Sketch of Archilife Study Tour, April 2017
webmaster 2017-05-16 503 reads
For the study tour of April 15, 2017, Ms. Lu Ming-yun led five ARF interns and their parents on a tour to Guanyinshan to learn about the birds of prey, and the local history and culture. At the start of the day's activities, team leader Ms. Lu Ming-yun reminded everyone about things to note and what to observe, and provided the interns some general background knowledge.
Organized by the Wild Bird Society, the objective of the event was to promote and educate the public on providing an environment where migrating birds of prey could rest in peace and exist in harmony with human beings. The itinerary began with the tour guide explaining the formation of Guanyinshan. Next, everyone walked along the Treetop Walkway into the forest, coming into close proximity with low-altitude canopy. Along the way, the tour guide introduced the forest form and surrounding tree species. Focusing on a particular fig tree, the tour guide explained the differences between Ficus pumila var. awkeotsang and Ficus pumila, allowing the interns to further understand plant mutation and hybridization. Everyone continued to walk to Kaishan Mansion and Lengyange. The former was built by the second-generation abbot of Lingyun Buddhist Temple while the latter was built by his oldest disciple. Both buildings were built during the Japanese Occupation using stones from Guanyinshan. They're unique religious buildings that feature a fusion of different styles of architecture, including the Indian-style domed roof, southern Fujian-style corridors and Baroque-style façade.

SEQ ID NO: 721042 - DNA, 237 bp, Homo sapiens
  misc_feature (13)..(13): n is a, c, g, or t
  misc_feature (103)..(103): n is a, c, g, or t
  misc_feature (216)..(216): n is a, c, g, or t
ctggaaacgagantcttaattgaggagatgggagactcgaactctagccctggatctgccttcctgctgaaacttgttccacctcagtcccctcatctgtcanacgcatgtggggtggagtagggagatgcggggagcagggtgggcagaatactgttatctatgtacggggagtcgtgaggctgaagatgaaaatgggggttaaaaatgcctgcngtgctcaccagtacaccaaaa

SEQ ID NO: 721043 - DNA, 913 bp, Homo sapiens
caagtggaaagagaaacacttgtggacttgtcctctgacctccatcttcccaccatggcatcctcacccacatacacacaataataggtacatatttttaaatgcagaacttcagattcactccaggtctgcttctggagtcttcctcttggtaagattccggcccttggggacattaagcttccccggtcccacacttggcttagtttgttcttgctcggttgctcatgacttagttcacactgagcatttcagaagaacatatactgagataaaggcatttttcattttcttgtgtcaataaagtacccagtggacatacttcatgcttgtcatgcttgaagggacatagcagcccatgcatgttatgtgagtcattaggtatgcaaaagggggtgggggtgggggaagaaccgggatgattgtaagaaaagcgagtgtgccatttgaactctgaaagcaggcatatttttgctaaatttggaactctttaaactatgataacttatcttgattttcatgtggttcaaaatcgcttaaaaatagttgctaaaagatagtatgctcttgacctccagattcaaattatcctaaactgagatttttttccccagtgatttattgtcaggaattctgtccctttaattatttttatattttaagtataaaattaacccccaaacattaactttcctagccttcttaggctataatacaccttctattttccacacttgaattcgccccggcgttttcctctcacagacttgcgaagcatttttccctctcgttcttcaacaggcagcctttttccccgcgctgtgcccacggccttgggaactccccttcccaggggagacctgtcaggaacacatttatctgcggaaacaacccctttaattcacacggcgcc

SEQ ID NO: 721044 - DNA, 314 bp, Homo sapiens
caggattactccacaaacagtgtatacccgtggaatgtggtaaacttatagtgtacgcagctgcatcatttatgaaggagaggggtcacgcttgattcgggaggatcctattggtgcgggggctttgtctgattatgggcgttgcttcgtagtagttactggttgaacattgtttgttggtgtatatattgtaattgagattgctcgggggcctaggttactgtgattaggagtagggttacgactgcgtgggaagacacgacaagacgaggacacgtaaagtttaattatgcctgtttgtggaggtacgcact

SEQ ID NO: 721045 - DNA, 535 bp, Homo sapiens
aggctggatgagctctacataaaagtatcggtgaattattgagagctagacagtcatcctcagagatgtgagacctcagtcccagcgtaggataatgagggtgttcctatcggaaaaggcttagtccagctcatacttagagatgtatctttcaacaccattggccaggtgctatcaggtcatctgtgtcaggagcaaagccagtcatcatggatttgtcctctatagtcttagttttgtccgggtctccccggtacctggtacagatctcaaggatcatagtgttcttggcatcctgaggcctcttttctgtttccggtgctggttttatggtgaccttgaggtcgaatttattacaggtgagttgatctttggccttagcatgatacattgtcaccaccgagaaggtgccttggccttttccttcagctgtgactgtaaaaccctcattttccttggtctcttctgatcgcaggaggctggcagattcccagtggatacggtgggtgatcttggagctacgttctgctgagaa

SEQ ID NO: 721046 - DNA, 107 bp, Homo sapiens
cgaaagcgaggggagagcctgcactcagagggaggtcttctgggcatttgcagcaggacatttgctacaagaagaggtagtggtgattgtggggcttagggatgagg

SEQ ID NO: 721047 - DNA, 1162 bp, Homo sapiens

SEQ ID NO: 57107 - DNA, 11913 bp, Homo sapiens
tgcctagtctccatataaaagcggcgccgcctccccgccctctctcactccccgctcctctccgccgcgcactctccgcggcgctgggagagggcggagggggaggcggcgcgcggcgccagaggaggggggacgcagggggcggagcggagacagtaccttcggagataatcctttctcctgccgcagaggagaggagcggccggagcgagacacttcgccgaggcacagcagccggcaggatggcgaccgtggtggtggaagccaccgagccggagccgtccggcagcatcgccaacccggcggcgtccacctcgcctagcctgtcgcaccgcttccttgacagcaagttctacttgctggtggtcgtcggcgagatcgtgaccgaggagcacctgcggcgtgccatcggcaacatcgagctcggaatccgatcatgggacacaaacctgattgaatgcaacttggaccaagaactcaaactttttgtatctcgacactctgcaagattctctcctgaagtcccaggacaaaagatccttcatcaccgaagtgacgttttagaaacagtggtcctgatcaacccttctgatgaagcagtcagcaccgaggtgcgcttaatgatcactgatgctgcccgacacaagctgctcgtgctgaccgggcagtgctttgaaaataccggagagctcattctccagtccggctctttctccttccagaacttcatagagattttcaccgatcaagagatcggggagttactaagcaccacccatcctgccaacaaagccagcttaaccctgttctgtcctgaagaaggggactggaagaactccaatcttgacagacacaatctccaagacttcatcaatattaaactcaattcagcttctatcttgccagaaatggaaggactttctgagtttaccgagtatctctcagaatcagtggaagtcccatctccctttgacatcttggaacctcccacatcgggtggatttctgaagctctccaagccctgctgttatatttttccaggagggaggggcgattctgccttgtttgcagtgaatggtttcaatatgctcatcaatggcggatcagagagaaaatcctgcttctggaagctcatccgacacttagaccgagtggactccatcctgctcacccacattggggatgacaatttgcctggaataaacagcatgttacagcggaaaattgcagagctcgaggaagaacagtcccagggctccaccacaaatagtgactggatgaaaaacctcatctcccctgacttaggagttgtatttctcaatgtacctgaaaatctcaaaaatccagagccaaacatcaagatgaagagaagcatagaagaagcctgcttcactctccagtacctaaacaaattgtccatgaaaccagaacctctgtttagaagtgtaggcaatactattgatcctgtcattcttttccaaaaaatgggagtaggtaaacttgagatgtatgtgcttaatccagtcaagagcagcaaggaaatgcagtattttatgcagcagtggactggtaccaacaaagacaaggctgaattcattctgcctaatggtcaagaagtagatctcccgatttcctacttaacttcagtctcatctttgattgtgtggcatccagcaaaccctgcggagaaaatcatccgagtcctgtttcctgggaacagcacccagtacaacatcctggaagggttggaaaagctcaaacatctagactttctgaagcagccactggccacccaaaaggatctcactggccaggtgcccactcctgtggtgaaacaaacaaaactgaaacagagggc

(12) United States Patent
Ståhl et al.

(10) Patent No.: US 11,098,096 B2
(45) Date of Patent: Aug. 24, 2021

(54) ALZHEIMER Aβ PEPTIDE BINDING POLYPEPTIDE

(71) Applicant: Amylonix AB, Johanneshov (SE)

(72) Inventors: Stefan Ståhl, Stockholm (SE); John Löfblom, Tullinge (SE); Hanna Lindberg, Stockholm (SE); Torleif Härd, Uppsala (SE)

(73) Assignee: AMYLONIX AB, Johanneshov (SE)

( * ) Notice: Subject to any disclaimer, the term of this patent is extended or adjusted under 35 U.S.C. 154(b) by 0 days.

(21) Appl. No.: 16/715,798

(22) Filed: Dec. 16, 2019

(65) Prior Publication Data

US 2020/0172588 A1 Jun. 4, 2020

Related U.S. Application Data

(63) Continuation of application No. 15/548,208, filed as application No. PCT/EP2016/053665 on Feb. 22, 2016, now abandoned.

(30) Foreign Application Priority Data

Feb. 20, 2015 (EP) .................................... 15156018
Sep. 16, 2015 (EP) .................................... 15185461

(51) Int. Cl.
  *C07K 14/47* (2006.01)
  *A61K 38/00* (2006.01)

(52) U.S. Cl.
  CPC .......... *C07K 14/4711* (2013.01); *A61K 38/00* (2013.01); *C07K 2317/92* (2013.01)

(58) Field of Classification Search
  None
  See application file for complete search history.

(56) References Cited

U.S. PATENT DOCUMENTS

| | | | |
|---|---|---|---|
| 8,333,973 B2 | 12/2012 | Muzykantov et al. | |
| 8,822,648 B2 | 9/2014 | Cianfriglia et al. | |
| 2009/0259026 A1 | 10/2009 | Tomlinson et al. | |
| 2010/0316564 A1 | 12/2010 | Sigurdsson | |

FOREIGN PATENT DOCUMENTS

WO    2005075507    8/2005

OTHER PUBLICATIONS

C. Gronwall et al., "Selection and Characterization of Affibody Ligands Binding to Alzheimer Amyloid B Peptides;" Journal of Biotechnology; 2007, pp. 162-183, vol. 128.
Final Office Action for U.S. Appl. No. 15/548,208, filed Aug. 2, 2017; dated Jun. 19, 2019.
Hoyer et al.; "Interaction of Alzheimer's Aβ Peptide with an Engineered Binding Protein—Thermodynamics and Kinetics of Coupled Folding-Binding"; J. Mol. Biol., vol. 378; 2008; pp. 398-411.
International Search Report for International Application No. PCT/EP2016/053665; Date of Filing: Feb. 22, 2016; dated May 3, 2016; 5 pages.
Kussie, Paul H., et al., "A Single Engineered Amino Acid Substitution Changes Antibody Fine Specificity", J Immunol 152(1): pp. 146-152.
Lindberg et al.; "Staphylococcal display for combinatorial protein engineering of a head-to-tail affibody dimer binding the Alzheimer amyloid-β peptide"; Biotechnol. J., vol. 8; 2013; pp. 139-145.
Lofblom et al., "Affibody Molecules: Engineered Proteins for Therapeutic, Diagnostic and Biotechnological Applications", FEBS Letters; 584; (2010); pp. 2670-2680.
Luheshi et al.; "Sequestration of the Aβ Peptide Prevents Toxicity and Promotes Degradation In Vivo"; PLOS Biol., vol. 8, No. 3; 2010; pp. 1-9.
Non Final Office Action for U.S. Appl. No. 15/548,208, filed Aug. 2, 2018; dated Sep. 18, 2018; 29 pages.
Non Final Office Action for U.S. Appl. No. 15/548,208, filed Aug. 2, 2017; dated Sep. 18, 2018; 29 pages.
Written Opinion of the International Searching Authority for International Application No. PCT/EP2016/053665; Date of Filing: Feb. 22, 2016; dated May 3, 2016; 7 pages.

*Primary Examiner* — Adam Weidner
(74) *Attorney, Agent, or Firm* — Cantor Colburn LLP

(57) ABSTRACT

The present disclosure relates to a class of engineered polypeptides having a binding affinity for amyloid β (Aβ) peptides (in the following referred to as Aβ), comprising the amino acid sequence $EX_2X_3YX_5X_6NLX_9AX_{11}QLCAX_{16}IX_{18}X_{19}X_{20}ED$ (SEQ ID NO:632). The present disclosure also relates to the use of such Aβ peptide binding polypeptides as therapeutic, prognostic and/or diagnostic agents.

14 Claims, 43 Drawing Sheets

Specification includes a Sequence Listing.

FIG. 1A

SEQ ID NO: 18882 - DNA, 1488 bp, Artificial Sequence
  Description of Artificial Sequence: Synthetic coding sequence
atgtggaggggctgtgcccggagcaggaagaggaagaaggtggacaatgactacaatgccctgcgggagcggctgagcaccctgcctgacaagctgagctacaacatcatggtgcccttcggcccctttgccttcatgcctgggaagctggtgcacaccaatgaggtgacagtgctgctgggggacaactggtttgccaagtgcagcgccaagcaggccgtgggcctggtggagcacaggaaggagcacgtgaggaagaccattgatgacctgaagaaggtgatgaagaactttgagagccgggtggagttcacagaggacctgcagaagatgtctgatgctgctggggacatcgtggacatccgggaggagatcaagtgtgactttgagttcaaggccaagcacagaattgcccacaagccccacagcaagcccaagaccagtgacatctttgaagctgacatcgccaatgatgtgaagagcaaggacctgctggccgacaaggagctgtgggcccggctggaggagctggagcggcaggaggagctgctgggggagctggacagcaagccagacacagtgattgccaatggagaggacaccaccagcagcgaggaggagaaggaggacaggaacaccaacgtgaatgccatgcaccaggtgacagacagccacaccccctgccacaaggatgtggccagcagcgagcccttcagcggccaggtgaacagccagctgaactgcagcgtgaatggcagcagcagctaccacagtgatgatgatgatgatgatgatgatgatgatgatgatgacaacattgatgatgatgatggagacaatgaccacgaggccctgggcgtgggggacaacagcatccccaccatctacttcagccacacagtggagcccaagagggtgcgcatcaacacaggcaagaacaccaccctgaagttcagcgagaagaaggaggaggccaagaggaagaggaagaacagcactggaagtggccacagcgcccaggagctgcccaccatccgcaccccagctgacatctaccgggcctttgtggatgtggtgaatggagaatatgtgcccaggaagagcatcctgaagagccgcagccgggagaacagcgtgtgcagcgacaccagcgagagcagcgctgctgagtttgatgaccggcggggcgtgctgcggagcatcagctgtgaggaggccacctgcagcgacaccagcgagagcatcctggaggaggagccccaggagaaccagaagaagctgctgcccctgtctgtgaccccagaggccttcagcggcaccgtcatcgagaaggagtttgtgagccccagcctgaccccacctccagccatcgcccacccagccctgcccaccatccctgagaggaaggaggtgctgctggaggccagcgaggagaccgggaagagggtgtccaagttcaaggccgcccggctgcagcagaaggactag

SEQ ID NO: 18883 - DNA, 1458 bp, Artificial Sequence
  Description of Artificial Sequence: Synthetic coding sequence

Upon returning to the event venue, a member of the Wild Bird Society explained the reasons, method and route for the migration of the birds of prey. It is commonly believed that as autumn approaches and the climate becomes harsh and food is insufficient, these birds of prey migrate to the south where food is abundant while they await the warmer weather in spring when they will fly back north to mate and nest. The larger birds have wings that are over one meter long when fully spread out. Utilizing thermal, these birds are able to save energy and glide across the sky, allowing them to fly higher and further. Observing birds of prey and Taiwan barbet through a telescope at the eagle viewing platform, everyone was thrilled to see the splendor of the birds as they flew low over the skyline.
After lunch, everyone went to the briefing room and watched a documentary film about the Oriental honey buzzards of Ninety-nine Peaks. The documentary film is a detailed record of the ecology of the Oriental honey buzzards and their relationship with the bee farms. At the end of the film, the director shared his interesting experience of filming the birds. He conveyed the difficulties of filming and tracking the birds through many photos, and answered everyone's questions, providing interns a deeper understanding of the Oriental honey buzzards. At that point, the day's activities came to an end, everyone took a photo together before going their separate ways and looked forward to the next study tour.